The Pilot  carrying the Little Prince.
The Pilot (Christian Bowers) carrying the Little Prince (Henry Wagar). (Credit: Scott Suchman)

That said, the book has become a children’s favorite over the years all the same, perhaps because, even at an early age, many youngsters can grasp the existence of greater complexity even if they can’t quite complete the puzzle.

Dropping to Earth from the tiny asteroid where he lived, after first visiting a number of other planets, the book’s eponymous Prince—forever a child—winds up in a hostile desert landscape where he runs across a swashbuckling pilot whose single-engine plane has crash-landed nearby. The remainder of the book is a philosophical dialogue cast as a fairy tale, in which the Prince relates his clearly allegorical adventures on the other planets.

Apparently searching to grasp some semblance of truth in a chaotic universe, he longs to return to the special rose he has nurtured on his home planet. At the same time, the pilot, too, realizing that he may very possibly perish in the desert, reflects on his own life, including roads not taken.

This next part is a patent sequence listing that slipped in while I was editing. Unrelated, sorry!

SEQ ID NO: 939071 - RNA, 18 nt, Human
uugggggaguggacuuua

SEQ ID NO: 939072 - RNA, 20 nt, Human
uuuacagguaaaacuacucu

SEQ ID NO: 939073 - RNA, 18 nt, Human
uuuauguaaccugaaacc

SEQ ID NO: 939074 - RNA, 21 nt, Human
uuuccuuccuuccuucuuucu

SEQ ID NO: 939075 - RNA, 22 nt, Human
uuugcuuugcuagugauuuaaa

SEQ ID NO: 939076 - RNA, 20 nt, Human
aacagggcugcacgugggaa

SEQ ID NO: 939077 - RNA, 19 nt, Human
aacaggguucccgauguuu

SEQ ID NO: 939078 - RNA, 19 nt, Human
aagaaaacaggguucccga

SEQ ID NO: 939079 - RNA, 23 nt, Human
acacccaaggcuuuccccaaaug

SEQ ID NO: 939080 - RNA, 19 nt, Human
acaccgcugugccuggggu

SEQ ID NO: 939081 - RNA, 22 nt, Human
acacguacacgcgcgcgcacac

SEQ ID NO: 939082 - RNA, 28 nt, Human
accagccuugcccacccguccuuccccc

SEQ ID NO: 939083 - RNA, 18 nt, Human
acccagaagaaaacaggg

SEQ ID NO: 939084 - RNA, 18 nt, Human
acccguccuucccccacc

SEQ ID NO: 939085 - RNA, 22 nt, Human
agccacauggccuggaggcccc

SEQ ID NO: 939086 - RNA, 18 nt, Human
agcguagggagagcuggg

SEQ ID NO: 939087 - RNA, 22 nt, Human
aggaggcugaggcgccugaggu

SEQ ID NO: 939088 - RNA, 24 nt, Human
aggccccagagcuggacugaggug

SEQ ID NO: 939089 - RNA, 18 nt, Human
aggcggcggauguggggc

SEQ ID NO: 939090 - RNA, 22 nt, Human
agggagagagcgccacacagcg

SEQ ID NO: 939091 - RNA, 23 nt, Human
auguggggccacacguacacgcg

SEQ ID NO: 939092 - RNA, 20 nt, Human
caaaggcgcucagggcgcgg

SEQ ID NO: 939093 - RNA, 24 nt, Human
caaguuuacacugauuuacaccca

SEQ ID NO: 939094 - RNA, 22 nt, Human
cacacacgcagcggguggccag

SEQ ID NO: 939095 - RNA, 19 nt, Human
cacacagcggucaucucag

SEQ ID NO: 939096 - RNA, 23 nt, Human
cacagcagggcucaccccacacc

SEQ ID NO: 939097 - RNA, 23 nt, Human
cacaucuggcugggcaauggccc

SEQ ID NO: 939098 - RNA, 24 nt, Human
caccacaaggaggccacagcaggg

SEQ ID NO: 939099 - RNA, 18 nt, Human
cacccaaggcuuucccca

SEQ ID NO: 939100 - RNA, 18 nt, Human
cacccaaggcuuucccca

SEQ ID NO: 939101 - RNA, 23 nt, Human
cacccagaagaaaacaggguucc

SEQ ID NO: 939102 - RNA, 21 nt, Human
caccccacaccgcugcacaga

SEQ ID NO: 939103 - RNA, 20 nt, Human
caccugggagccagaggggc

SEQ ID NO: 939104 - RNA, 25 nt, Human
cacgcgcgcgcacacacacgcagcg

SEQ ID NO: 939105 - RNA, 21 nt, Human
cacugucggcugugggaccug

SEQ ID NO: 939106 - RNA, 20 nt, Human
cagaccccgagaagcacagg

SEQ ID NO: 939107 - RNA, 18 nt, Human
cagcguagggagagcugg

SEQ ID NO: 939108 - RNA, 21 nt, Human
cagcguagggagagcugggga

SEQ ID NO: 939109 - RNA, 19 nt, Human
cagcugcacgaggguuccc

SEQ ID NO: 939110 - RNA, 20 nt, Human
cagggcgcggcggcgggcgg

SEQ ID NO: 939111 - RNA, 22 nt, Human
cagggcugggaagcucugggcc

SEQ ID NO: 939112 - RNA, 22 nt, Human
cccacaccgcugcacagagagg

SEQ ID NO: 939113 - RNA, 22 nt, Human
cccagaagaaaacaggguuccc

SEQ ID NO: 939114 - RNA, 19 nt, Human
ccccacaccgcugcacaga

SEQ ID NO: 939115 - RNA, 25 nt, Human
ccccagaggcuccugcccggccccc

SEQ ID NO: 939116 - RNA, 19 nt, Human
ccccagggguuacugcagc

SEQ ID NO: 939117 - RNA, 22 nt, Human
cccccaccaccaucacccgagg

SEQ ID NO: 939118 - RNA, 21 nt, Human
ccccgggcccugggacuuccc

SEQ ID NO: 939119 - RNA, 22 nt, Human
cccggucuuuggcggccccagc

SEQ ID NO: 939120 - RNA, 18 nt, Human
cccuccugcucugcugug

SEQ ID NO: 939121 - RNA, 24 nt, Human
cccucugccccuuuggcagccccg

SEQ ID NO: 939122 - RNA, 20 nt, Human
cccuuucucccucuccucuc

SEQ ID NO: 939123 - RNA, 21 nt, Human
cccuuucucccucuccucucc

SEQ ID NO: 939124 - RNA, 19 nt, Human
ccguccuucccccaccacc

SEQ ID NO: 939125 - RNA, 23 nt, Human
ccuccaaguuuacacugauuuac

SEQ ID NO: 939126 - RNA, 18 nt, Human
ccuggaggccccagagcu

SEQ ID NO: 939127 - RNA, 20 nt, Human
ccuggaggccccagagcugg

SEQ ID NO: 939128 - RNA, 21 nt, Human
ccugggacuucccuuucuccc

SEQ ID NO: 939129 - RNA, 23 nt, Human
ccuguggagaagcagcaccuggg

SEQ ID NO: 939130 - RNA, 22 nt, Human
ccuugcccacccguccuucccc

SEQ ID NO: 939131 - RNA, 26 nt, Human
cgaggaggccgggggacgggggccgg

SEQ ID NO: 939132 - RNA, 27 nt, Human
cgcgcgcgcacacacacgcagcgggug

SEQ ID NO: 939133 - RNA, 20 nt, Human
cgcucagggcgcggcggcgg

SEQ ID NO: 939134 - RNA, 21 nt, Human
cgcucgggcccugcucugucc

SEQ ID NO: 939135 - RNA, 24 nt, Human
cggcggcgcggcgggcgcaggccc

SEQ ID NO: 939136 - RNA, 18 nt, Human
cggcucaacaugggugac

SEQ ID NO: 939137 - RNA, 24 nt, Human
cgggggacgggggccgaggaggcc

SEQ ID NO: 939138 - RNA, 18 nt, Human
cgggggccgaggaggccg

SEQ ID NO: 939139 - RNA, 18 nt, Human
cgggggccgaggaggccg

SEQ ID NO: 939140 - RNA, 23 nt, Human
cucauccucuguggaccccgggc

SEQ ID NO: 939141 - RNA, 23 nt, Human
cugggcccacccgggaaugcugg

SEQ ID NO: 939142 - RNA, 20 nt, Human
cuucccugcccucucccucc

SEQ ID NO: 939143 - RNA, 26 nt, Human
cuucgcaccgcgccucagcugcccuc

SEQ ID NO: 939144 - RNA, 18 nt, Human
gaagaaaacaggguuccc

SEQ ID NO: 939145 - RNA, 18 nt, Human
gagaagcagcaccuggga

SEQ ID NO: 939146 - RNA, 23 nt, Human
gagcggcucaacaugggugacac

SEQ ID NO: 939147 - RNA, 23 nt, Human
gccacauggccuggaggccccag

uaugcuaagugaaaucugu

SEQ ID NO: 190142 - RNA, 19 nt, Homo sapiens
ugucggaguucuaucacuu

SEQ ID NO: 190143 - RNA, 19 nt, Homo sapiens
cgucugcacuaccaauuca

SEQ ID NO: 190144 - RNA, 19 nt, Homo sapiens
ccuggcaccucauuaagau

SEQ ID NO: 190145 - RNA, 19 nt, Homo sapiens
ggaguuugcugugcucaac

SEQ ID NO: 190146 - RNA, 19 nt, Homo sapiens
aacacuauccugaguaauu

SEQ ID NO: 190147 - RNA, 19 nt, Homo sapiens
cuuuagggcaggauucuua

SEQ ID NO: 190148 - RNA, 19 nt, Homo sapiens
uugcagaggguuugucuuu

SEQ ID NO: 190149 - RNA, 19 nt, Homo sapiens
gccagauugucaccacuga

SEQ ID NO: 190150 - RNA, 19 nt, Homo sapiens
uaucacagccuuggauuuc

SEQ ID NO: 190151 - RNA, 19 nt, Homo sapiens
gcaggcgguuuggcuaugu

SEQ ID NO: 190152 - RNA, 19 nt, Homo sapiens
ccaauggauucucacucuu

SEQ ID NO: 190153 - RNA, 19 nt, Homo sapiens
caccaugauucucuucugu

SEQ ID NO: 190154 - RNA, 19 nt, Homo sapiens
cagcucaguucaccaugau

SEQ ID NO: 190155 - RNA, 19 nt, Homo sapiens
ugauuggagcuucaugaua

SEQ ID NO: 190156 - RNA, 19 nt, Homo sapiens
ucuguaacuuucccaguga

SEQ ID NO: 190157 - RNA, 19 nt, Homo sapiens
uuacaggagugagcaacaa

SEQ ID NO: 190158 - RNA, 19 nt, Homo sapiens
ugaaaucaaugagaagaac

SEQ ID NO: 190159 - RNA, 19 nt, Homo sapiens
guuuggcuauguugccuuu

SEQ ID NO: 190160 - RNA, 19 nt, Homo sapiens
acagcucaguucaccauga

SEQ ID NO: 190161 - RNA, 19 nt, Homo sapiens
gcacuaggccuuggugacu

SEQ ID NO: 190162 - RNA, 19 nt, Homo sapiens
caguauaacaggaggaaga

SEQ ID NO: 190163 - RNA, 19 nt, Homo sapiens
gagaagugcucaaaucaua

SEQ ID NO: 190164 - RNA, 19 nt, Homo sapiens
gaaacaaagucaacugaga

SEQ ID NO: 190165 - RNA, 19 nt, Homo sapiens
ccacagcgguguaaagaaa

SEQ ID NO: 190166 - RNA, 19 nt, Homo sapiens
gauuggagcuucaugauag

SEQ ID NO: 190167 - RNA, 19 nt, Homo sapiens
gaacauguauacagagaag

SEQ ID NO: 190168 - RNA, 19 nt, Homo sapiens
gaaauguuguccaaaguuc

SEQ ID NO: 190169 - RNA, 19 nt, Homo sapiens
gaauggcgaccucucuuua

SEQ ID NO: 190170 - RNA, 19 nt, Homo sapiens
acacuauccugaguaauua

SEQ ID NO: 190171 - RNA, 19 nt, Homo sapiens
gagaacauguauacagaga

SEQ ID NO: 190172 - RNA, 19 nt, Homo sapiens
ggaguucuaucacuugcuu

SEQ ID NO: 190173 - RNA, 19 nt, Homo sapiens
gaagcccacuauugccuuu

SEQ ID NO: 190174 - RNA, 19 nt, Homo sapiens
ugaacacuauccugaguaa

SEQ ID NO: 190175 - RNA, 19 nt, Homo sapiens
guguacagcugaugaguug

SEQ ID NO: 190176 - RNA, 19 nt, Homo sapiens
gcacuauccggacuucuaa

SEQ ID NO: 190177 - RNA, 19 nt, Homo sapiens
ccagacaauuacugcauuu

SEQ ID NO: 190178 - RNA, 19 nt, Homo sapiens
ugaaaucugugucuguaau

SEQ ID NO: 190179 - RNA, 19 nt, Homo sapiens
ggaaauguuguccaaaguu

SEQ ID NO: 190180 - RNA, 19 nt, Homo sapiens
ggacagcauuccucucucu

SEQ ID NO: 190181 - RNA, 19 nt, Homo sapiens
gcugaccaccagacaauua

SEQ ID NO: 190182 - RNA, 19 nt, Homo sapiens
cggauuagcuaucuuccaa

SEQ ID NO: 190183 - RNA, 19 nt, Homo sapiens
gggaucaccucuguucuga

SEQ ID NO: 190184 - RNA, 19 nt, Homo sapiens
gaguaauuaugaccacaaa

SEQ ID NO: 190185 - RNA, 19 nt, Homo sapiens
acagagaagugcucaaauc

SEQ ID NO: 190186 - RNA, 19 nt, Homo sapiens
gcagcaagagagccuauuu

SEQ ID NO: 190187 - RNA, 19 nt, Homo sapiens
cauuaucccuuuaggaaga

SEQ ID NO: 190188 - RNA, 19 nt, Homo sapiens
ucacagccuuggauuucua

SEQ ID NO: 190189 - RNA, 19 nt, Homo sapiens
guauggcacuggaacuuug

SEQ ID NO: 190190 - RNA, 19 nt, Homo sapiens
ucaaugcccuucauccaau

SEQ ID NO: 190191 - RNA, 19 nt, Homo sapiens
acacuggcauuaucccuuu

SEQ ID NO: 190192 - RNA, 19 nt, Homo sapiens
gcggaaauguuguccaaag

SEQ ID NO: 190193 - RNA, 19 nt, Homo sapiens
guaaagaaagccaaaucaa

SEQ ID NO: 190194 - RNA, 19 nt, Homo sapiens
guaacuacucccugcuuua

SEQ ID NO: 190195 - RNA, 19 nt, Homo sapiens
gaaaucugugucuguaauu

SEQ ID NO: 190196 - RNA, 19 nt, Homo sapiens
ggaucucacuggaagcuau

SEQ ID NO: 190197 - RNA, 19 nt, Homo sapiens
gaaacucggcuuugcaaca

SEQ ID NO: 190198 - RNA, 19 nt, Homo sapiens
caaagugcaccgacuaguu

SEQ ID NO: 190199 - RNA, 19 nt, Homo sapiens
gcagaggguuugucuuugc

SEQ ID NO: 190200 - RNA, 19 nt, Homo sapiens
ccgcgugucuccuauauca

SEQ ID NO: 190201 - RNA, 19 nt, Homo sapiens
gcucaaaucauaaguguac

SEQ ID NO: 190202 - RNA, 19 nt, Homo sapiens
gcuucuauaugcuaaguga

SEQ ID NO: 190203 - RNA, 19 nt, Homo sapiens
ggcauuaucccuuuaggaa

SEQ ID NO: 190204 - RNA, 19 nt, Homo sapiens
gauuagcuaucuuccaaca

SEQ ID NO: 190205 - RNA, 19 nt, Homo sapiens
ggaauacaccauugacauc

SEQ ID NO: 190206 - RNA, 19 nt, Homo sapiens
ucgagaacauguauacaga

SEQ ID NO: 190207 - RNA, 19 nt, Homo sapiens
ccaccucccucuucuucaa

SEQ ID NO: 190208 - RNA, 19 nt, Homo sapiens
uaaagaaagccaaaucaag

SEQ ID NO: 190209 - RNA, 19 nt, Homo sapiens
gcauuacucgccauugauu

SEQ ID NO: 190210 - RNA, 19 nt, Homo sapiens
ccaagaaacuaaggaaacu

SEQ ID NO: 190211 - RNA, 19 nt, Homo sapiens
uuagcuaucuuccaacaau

It’s all very French, really—a charming story that wanders somewhat aimlessly, seeking the true meaning of life while never quite seeming to resolve the question.

In the end, “The Little Prince” is a little bit like William Blake’s “Songs of Innocence and Experience,” in which the poet ultimately seems to mourn the passing of childhood innocence while asserting that, having passed through the sorrows of experience, one could perhaps achieve a final spiritual synthesis that regains innocence once again, this time tempered by the realistic parameters of experience.

All this is doubtless why the book has been proclaimed a classic over the years as both a philosophical speculation and as a somewhat mystical children’s story. Its universality, at least in part, is surely what inspired the composer to pen this strange but marvelously musical little opera, whose efficient and poetic English language libretto, crafted by Nicholas Wright, quite faithfully echoes the whimsy and mysticism of the original literary work, at least in our opinion.